Today’s veterans should learn about benefits they have earned

Nov. 14, 2018 | G. Michael Dobbs

(left to right) U.S. Marine Corps Capt. Daniel Walsh, Ret., U.S. Army, Sgt. Gumersindo Gomez, Ret., U.S. Army SPC Bernard McCluskey, Ret., and U.S. Marine Corps, Lt. Col. Bennett Walsh, Ret. spoke with G. Michael Dobbs about their experiences as veterans.
Reminder Publishing submitted photo

SPRINGFIELD – Four area veterans from two different era agree on many things, but one point is perhaps the most important to all of them: veterans and their families need to understand the services and benefits that come with service to your country.

FOCUS Springfield Community Television in conjunction with Reminder Publishing brought together U.S. Marine Corps Capt. Daniel Walsh, Ret., U.S. Army, Sgt. Gumersindo Gomez, Ret., U.S. Army SPC Bernard McCluskey, Ret. and U.S. Marine Corps, Lt. Col. Bennett Walsh, Ret. for a discussion on their own experiences as veterans as well as the steps the newest veterans should take.

McCluskey, Gomez and Daniel Walsh are all veterans of the Vietnam War.

Bennett Walsh is a post-9/11 vet. Bennett Walsh, who is now the superintendent of the Holyoke Soldier’s Home, explained today’s vets receive more information. Walsh said with his generation military personnel must receive a physical exam and sign up for benefits through the Veteran’s Administration (VA) before they leave the service.

He described it as a “culture change,” although some Post 9/11 vets are still very wary of the VA. The transition of leaving the military takes several months.

His father, Daniel Walsh, said some veterans of the Vietnam generation didn’t listen or learn about the benefits they had earned.

Gomez said many veterans fail to educate their families about benefits that could help them after their passing.

Bennett Walsh said there is a new insurance policy program that requires both the veteran and his or her significant other to decline it. This way the family of the veteran is involved in making the decision.

He added the phrase “it’s okay not to be okay” is gaining in use since being introduced in 2003. “If you’re not feeling well, that’s normal because everyone in warfare experiences PTS [Post Traumatic Stress] in some different kind of way. And that’s all right. That’s nothing to be ashamed about.”

Bennett said he and others no longer uses the phrase Post Traumatic Stress Disorder because the condition is not an illness, “it’s an injury.”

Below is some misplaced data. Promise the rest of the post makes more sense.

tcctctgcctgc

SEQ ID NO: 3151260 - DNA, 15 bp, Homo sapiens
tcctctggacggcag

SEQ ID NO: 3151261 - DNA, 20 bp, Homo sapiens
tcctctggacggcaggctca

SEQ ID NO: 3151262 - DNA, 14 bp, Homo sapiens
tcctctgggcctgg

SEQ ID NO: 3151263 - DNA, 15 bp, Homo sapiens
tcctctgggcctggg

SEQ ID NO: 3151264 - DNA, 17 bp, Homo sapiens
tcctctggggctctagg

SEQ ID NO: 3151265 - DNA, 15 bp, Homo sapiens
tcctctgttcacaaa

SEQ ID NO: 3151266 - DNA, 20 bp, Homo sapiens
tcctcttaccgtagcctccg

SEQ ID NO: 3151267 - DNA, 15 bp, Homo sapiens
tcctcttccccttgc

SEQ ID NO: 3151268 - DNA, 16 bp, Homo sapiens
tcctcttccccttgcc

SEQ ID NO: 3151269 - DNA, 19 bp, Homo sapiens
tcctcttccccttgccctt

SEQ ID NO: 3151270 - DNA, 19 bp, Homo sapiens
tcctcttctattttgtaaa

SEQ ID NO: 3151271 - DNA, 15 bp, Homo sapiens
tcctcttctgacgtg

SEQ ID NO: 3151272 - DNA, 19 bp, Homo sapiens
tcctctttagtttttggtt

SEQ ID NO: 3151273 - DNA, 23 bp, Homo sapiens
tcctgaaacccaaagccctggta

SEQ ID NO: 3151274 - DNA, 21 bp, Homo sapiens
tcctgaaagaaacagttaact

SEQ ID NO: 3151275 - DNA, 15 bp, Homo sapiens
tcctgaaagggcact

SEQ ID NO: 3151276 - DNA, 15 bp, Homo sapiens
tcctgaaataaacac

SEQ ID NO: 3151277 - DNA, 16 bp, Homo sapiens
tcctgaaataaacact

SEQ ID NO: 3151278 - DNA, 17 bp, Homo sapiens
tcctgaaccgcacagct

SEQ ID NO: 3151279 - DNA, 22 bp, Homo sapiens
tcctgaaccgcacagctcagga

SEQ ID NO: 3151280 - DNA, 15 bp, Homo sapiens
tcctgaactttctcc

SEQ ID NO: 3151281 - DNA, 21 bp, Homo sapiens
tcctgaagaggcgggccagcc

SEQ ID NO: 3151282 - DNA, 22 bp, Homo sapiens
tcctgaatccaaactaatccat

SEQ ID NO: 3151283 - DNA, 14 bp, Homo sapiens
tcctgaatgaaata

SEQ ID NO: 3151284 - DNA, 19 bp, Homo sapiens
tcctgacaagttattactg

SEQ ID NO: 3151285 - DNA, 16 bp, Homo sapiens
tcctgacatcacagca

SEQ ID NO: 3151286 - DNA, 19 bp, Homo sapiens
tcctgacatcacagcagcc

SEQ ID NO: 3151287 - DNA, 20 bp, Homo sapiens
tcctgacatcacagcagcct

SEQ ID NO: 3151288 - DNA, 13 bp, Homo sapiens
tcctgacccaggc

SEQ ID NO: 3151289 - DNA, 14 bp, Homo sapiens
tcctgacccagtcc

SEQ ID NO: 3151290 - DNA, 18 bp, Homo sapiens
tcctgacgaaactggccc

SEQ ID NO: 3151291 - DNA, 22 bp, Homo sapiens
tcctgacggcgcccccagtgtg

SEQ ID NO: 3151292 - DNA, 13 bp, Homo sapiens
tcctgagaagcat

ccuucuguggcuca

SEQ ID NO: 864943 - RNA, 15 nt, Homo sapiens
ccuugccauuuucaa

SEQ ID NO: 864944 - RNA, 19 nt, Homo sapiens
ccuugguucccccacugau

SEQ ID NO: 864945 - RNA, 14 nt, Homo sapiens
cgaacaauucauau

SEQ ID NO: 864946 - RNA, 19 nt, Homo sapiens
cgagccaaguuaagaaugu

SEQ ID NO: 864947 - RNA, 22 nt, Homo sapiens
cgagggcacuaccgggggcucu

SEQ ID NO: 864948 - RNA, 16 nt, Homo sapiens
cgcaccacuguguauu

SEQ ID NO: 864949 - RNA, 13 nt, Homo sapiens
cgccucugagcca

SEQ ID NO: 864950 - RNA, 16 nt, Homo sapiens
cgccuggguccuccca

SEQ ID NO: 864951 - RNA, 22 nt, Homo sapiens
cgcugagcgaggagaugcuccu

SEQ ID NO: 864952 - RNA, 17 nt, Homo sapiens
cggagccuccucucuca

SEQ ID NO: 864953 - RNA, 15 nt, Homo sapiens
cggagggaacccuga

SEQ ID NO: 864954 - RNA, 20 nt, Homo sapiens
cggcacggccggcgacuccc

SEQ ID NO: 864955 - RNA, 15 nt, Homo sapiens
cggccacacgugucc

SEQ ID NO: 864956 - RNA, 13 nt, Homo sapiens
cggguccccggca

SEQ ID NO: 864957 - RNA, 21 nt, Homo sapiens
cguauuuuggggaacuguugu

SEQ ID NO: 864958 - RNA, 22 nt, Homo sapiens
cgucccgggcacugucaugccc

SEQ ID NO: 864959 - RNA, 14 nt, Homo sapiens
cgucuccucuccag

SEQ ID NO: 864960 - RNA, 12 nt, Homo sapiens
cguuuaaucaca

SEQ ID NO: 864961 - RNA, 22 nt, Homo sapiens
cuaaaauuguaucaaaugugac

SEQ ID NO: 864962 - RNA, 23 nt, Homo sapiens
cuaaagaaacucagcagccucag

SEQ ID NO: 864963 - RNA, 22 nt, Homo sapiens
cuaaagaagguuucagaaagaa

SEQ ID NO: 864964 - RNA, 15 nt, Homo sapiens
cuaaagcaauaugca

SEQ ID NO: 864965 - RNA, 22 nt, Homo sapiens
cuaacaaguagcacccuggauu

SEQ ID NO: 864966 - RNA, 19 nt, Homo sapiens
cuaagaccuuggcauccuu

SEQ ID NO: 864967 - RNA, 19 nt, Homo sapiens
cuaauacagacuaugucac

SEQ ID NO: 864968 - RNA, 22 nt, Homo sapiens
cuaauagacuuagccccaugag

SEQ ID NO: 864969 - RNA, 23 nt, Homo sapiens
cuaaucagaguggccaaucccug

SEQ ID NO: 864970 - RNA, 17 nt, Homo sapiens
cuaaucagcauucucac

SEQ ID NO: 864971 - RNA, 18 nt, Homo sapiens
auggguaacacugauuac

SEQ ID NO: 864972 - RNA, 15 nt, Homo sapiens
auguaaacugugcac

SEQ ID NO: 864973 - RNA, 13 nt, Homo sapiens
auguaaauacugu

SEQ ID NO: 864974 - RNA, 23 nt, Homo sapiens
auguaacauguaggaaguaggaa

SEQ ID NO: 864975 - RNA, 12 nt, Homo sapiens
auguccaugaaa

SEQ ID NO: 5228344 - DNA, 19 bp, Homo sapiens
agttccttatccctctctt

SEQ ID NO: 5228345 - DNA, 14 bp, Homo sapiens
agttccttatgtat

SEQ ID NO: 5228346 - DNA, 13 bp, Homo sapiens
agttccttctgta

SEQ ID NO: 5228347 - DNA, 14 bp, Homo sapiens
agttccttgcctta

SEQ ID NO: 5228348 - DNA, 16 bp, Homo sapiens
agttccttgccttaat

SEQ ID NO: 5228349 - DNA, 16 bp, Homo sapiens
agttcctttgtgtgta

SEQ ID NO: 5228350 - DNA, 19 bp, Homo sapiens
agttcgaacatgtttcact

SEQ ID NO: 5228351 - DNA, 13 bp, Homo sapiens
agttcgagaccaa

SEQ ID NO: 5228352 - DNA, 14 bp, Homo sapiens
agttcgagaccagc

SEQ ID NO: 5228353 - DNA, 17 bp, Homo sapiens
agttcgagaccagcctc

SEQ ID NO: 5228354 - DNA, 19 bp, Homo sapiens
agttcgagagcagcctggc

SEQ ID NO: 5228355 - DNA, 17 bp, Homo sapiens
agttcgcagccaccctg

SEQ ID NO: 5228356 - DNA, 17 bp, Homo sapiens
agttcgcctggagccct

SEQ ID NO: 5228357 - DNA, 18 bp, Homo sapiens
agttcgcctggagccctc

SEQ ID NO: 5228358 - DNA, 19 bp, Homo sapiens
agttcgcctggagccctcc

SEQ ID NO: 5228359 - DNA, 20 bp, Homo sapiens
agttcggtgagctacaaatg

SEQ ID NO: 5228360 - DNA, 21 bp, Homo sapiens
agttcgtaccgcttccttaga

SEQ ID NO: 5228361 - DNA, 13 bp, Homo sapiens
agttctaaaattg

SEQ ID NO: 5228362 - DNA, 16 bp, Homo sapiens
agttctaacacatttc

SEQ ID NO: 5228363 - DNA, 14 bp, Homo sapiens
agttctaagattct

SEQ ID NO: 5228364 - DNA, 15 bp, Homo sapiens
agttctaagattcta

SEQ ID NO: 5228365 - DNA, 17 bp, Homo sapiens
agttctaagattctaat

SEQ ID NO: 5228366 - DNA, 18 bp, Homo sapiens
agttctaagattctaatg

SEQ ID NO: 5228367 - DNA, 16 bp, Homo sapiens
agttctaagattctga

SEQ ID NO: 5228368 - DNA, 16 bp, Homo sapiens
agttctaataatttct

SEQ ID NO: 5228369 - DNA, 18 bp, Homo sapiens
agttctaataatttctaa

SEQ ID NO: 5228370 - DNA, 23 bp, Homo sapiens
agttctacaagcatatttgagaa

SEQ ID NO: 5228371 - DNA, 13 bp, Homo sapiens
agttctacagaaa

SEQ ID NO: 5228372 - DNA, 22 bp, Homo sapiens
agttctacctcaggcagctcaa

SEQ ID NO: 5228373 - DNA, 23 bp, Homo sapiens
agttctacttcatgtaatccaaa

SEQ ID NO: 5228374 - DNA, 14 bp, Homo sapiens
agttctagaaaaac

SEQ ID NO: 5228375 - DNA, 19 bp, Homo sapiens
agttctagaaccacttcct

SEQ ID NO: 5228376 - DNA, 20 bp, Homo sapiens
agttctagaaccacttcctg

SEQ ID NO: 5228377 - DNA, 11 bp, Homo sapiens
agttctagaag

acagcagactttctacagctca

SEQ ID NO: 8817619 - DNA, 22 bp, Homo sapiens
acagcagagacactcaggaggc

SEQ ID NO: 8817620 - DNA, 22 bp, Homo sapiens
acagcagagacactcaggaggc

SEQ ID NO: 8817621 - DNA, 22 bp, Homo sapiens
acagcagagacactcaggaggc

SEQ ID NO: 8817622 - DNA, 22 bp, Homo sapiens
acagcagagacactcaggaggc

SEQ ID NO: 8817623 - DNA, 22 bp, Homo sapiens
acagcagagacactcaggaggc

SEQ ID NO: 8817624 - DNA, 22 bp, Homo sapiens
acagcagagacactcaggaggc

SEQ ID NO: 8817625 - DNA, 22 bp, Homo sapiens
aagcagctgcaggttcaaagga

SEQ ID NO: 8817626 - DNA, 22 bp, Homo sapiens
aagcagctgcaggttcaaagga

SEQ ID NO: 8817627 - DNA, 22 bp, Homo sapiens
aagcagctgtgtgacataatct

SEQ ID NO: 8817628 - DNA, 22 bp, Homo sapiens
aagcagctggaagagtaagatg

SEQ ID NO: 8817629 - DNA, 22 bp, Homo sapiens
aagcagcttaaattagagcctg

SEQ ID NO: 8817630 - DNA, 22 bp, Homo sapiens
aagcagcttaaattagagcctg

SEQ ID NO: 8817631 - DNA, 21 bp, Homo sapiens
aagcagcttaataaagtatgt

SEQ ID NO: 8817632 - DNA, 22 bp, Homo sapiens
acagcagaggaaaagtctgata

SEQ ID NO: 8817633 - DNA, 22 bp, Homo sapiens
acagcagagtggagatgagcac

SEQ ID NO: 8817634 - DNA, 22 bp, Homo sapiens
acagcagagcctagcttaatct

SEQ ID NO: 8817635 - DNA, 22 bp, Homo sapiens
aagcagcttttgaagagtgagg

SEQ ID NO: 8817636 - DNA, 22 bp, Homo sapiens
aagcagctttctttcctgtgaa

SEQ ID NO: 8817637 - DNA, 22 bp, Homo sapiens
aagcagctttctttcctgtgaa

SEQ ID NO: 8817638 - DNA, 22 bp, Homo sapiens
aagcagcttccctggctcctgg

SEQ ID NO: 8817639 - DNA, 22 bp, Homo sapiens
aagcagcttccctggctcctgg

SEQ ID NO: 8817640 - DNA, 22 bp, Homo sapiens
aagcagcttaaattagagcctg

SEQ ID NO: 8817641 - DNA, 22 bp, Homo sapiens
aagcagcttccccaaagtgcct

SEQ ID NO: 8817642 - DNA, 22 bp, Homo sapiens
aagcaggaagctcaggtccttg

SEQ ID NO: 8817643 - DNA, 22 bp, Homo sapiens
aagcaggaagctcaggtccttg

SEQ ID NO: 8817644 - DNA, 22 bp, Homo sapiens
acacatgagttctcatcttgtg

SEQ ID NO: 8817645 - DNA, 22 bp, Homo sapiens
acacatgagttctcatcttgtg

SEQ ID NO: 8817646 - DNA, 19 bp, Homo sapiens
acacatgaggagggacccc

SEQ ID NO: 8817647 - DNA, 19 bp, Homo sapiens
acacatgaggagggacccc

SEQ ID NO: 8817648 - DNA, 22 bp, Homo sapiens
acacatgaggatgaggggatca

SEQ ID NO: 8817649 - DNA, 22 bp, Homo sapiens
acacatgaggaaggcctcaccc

McCluskey recalled when he visited the VA offices for the first time, the staff “blew me off,” which motivated him and others to create veterans’ center that could have veterans helping veterans.

McCluskey recalled that people who served in World War II told him Vietnam War veterans weren’t really vets and blocked him and others from joining established veterans’ groups.

While today many people, when meeting a veteran or an active duty member of the military, will say “thank you for your service,” that was not the case for the Vietnam War, members of the panel said.

In speaking about the changing population of the Holyoke Soldiers Home from WWII and Korean vets to Vietnam and Post 9/11 vets, Bennett Walsh said, “the needs will always outweigh the capacity.”

The facility in Holyoke is the 10th largest such center in the nation, he noted. To truly fulfill the need the center would need another 100 to 150 beds and “that’s hard to do.” An expansion would need additional space and staff.

When asked what kind of advice the group would give young vets, Gomez urged today’s veterans to become involved and assume leadership roles. “We’re asking the young veterans to follow us and leave nobody behind as we never left anybody behind in the battlefield and the battlefield is out there in the streets right now,” he said.

McCluskey said if vets don’t seek out the benefits they’ve earned, “They’ll [the government] do away with them if you don’t use them.”

Daniel Walsh recalled when he left the Marines, he didn’t think about anything other than his future in the private sector. At an accidental meeting with a VA official at lunch, he was told at age 26 he should come to see them. Walsh rejected the invitation.

The official told him, “Come and see us because you’re going to want us when you’re 65 or older.” Walsh added he had head nothing about benefits and services when he left the service and the official’s advice proved to be true.

“If I had these 9/11 guys in here now [I’d tell them] take every advantage that you have of all of these wonderful things the military gives you,” Daniel Walsh said.

Veterans can turn to the following organizations for advice and assistance:

• Department of Veterans Services, 36 Court St., 787-6141

• NABVETS, 878 State St., 209-9000

• Bilingual Veterans Outreach Center, 281 Franklin St., 731-0194

To watch the full show, go to

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